The 56 teams in England and Wales paid at least £75,000 in tax last year alone for the items that I have listed, but when one adds one-off equipment such as vehicles and specialist clothing, the sum is more like £200,000 in a year. Is not it outrageous that we expect a charity that is run by immensely skilled and dedicated volunteers to pay for the privilege of saving lives? I think of the irony of the Kendal mountain rescue team being situated on Busher walk in Kendal, cheek by jowl with the ambulance and fire services and the police—those three statutory services do not have to pay such taxes, while the mountain rescue team does. Mountain rescue’s maritime equivalent—the lifeboat services—are rightly exempt.
On VAT, Treasury Ministers have indicated their sympathy in the past, including the previous Treasury Minister, now the Minister for Local Government, the right hon. Member for Wentworth (John Healey), and the current Exchequer Secretary to the Treasury, the hon. Member for Wallasey (Angela Eagle). The right hon. Member for Wentworth indicated, in a letter to me in 2006, that the Treasury was on the verge of committing to help out, at least with vehicle taxation, which is well within the Government’s powers, but no action has been taken. I confess to being a little frustrated about that.
The Government have allowed themselves to get bogged down in EU rules, saying that there are restrictions to prevent them from waiving VAT rules and other taxes. However, where there is a will, there is a way. I have been working with mountain rescue in England and Wales, and we have approached the Commission to establish what leeway the Government have. I pay tribute to Stewart Hulse from mountain rescue in my constituency—another MBE—who has been leading the way in that matter. In response to our inquiries, Commissioner Kovács’s office has shown that matters are not so clear-cut, because our mountain rescue operation is unique in Europe, which means that there is scope for the Government to make exemptions on VAT. The UK has the only mountain rescue service, in England, that is not statutory, and the only one that does not charge for its services in some way. The Commissioner’s response, which I am happy to share with the Minister, reveals that there is about to be a review of VAT. I request that the Minister intervenes and calls on the Commissioner to allow an exemption.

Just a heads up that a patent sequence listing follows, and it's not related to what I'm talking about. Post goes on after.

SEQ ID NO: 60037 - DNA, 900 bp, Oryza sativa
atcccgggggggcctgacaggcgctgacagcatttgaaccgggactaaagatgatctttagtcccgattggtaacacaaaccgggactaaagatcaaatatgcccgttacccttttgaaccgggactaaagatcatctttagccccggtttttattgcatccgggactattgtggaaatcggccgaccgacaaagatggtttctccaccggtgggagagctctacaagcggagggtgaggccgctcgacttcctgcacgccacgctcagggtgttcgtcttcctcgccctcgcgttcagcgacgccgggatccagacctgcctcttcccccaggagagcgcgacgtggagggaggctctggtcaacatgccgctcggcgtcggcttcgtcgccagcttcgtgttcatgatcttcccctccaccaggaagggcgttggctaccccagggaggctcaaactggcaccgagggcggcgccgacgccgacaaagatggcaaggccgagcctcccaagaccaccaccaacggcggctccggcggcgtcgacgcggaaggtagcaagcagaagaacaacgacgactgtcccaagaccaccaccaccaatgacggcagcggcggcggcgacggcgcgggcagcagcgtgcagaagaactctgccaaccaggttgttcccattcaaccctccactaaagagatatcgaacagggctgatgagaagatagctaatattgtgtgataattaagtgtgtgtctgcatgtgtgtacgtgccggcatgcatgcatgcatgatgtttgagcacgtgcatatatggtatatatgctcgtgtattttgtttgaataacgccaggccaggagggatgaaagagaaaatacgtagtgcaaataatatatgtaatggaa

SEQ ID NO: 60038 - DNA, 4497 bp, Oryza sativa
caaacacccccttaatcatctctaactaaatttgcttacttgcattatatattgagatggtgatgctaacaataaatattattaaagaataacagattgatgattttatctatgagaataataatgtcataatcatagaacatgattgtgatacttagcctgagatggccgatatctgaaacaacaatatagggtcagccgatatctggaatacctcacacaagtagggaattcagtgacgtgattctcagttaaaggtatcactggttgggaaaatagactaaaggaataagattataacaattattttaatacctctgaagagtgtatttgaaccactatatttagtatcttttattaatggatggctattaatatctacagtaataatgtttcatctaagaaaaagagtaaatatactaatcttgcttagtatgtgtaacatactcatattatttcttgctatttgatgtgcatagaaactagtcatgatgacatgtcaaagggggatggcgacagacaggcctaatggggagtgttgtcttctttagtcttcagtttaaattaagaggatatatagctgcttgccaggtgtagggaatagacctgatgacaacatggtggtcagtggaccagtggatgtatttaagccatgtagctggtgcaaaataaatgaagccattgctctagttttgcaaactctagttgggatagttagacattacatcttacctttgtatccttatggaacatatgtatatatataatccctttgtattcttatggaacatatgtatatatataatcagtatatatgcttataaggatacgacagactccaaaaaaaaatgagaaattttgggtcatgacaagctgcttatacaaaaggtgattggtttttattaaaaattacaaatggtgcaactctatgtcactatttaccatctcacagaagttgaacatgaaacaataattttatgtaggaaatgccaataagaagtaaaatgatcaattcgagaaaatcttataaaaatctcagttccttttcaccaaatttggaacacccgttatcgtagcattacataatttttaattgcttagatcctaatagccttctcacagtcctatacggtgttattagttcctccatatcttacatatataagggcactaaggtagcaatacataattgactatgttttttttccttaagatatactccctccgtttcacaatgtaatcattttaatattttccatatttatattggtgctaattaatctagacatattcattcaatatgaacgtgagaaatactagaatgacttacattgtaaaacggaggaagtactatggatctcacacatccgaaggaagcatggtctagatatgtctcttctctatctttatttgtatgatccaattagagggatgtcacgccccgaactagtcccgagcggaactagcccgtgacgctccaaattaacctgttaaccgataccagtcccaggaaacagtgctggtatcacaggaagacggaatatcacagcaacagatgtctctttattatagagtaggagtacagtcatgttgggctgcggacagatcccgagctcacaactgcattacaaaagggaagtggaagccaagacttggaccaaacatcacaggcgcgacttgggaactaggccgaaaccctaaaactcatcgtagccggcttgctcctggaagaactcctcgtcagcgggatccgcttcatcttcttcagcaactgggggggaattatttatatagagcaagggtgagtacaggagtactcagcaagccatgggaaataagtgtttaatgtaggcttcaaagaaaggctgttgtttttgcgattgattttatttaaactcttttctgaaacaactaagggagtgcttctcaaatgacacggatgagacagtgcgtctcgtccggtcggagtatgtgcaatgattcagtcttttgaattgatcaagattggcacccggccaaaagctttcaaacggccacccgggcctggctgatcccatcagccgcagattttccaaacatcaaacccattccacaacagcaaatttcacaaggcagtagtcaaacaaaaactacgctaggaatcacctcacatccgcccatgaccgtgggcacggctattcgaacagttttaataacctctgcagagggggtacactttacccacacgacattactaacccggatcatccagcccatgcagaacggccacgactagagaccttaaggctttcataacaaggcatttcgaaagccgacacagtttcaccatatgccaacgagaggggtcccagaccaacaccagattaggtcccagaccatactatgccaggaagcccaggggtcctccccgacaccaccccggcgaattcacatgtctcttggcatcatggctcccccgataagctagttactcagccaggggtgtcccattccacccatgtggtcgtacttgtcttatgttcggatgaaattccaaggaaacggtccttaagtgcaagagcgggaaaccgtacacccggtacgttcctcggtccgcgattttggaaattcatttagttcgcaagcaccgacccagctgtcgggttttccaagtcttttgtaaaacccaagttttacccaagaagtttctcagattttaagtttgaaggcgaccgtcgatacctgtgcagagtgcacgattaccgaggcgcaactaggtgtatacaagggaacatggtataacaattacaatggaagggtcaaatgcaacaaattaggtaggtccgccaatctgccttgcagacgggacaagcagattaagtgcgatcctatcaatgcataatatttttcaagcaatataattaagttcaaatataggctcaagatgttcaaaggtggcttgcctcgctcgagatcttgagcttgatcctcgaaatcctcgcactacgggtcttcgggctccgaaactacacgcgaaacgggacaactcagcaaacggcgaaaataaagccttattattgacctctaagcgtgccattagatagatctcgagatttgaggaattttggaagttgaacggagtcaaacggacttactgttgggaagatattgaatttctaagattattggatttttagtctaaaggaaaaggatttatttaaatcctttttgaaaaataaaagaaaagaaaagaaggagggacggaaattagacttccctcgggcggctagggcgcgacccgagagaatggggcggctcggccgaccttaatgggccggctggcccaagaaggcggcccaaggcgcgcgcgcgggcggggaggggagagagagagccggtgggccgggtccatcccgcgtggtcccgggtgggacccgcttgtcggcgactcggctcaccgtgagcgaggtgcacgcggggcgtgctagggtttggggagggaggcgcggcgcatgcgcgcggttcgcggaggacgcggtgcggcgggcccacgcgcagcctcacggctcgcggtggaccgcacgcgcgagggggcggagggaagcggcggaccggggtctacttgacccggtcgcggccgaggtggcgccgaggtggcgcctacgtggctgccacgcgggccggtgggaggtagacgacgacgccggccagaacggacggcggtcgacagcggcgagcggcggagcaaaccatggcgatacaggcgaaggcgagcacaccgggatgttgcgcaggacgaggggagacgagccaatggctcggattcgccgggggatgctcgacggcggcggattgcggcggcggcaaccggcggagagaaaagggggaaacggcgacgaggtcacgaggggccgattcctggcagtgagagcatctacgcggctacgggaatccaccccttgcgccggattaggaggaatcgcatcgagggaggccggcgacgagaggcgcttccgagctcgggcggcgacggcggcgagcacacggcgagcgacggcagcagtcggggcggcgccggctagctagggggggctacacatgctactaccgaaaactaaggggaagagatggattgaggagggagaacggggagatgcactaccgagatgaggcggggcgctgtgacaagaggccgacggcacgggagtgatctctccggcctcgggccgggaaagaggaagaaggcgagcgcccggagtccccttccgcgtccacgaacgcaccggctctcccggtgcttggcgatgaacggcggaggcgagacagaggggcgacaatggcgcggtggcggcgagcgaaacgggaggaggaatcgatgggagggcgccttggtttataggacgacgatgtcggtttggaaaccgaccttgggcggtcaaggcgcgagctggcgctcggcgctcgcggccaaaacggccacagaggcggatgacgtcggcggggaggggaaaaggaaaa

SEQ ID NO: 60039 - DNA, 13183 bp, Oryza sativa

I request that the Minister supports the bid, through the Commission, to seek an exemption to allow mountain rescue a fair deal—I know that I have to wind up, and I apologise—because that would be pushing an open door. The change would cost the Government only £200,000, which would be a drop in the ocean to them, but would be a massive vote of confidence in our mountain rescue services. That would make sure that we have a service that is committed to saving and rescuing people in the years to come.
I do not think that you were pushing an open door there, Tim; you were pushing your luck.
I, too, will be brief. In July 2007, I was up in the Peak district hills between Mam Tor and Rushup Edge. I was near the top of a large slope and found myself incapacitated. I was trapped in a gully from where I could see the valley laid out before me, and during the hours that followed, 24 members of Buxton mountain rescue team were mobilised. They set up communication headquarters and catering, and I could see them scouring the valley with their dogs. They were looking in an expert way for clues and using their knowledge to establish where I might be hidden. When they eventually found me, I was given a thorough medical check-up, counselled by people who knew what they were doing and taken out on a stretcher. Fortunately for me, I was a volunteer victim. I had no injuries and I had offered my services for a training session for Buxton mountain rescue team. Fortunately for them, my efforts that morning raised £1,600 in sponsorship and I recommend that every hon. Member in the Chamber follows that example.
However, £1,600 is a drop in the ocean. The Buxton mountain rescue team alone costs £34,500 a year to operate, and along with the team based in Edale, which is next door, it is one of the busiest mountain rescue teams in the country. That is not surprising. The Peak district has 22 million visitors a year and if only a small proportion of them get into trouble on the hills, teams might still be called out several hundred times. The teams are made up of a group of incredibly dedicated and skilful volunteers, and my experience showed that many different types of skills have to be used and co-ordinated. When I was rescued, it was an unearthly hour on a Sunday morning, but sometimes rescues are at night and in poor weather conditions. Even in the Peak district, people sometimes have to deal with death as part of their voluntary activity or help those who are perhaps experiencing the death of a loved one up on the hills—whether from an accident, a heart attack or whatever.
Mountain rescue teams do not just need our respect; they should be shown that respect with a much more generous funding regime. As I hinted in my intervention, those services are being squeezed, and that is not just for taxation reasons, as the hon. Member for Westmorland and Lonsdale (Tim Farron) said. In the words of Ian Hurst, the chairman of the Buxton mountain rescue team: